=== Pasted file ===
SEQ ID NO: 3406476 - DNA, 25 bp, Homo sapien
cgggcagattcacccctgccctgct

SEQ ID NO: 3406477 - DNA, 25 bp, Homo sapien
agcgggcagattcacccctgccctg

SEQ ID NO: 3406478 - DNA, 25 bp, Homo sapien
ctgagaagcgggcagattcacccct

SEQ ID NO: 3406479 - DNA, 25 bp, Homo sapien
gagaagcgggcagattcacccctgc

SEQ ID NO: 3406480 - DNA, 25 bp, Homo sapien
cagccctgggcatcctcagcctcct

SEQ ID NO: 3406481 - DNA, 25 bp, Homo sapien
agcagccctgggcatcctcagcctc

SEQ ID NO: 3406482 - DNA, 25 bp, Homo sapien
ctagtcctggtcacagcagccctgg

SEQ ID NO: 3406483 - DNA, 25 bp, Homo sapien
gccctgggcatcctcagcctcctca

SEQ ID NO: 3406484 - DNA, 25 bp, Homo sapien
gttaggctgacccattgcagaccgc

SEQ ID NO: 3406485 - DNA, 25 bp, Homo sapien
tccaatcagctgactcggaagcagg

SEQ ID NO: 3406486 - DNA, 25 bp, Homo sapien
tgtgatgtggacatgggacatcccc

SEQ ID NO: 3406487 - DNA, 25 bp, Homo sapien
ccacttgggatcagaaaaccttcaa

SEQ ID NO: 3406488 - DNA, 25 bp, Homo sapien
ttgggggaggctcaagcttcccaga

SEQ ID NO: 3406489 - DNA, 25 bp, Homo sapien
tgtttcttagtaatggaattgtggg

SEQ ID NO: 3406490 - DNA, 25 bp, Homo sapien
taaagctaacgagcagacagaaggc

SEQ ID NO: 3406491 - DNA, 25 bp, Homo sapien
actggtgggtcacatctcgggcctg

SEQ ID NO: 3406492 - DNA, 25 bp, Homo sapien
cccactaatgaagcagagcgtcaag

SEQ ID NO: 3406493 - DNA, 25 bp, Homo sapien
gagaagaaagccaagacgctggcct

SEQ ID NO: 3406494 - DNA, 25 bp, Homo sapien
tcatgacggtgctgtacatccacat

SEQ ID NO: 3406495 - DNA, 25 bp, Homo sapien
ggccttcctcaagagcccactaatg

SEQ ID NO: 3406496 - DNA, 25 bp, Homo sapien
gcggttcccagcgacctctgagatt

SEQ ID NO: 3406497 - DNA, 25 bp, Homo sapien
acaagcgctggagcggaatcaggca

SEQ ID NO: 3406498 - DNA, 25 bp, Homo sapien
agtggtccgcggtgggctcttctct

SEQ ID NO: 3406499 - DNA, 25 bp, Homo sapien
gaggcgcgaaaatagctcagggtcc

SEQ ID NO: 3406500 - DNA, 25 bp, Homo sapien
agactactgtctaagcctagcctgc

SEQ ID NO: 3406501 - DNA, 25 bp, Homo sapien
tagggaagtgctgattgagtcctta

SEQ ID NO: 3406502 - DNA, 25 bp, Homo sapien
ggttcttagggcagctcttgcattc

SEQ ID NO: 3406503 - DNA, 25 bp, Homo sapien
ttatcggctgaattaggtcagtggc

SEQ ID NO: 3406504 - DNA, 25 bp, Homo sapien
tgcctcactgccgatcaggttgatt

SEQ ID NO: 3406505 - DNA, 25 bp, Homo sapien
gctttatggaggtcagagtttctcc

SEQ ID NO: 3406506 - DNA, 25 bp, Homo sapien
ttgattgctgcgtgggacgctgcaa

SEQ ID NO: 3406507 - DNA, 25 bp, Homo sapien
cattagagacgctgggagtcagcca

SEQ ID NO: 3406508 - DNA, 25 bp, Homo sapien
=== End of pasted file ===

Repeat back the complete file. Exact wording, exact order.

SEQ ID NO: 3406476 - DNA, 25 bp, Homo sapien
cgggcagattcacccctgccctgct

SEQ ID NO: 3406477 - DNA, 25 bp, Homo sapien
agcgggcagattcacccctgccctg

SEQ ID NO: 3406478 - DNA, 25 bp, Homo sapien
ctgagaagcgggcagattcacccct

SEQ ID NO: 3406479 - DNA, 25 bp, Homo sapien
gagaagcgggcagattcacccctgc

SEQ ID NO: 3406480 - DNA, 25 bp, Homo sapien
cagccctgggcatcctcagcctcct

SEQ ID NO: 3406481 - DNA, 25 bp, Homo sapien
agcagccctgggcatcctcagcctc

SEQ ID NO: 3406482 - DNA, 25 bp, Homo sapien
ctagtcctggtcacagcagccctgg

SEQ ID NO: 3406483 - DNA, 25 bp, Homo sapien
gccctgggcatcctcagcctcctca

SEQ ID NO: 3406484 - DNA, 25 bp, Homo sapien
gttaggctgacccattgcagaccgc

SEQ ID NO: 3406485 - DNA, 25 bp, Homo sapien
tccaatcagctgactcggaagcagg

SEQ ID NO: 3406486 - DNA, 25 bp, Homo sapien
tgtgatgtggacatgggacatcccc

SEQ ID NO: 3406487 - DNA, 25 bp, Homo sapien
ccacttgggatcagaaaaccttcaa

SEQ ID NO: 3406488 - DNA, 25 bp, Homo sapien
ttgggggaggctcaagcttcccaga

SEQ ID NO: 3406489 - DNA, 25 bp, Homo sapien
tgtttcttagtaatggaattgtggg

SEQ ID NO: 3406490 - DNA, 25 bp, Homo sapien
taaagctaacgagcagacagaaggc

SEQ ID NO: 3406491 - DNA, 25 bp, Homo sapien
actggtgggtcacatctcgggcctg

SEQ ID NO: 3406492 - DNA, 25 bp, Homo sapien
cccactaatgaagcagagcgtcaag

SEQ ID NO: 3406493 - DNA, 25 bp, Homo sapien
gagaagaaagccaagacgctggcct

SEQ ID NO: 3406494 - DNA, 25 bp, Homo sapien
tcatgacggtgctgtacatccacat

SEQ ID NO: 3406495 - DNA, 25 bp, Homo sapien
ggccttcctcaagagcccactaatg

SEQ ID NO: 3406496 - DNA, 25 bp, Homo sapien
gcggttcccagcgacctctgagatt

SEQ ID NO: 3406497 - DNA, 25 bp, Homo sapien
acaagcgctggagcggaatcaggca

SEQ ID NO: 3406498 - DNA, 25 bp, Homo sapien
agtggtccgcggtgggctcttctct

SEQ ID NO: 3406499 - DNA, 25 bp, Homo sapien
gaggcgcgaaaatagctcagggtcc

SEQ ID NO: 3406500 - DNA, 25 bp, Homo sapien
agactactgtctaagcctagcctgc

SEQ ID NO: 3406501 - DNA, 25 bp, Homo sapien
tagggaagtgctgattgagtcctta

SEQ ID NO: 3406502 - DNA, 25 bp, Homo sapien
ggttcttagggcagctcttgcattc

SEQ ID NO: 3406503 - DNA, 25 bp, Homo sapien
ttatcggctgaattaggtcagtggc

SEQ ID NO: 3406504 - DNA, 25 bp, Homo sapien
tgcctcactgccgatcaggttgatt

SEQ ID NO: 3406505 - DNA, 25 bp, Homo sapien
gctttatggaggtcagagtttctcc

SEQ ID NO: 3406506 - DNA, 25 bp, Homo sapien
ttgattgctgcgtgggacgctgcaa

SEQ ID NO: 3406507 - DNA, 25 bp, Homo sapien
cattagagacgctgggagtcagcca

SEQ ID NO: 3406508 - DNA, 25 bp, Homo sapien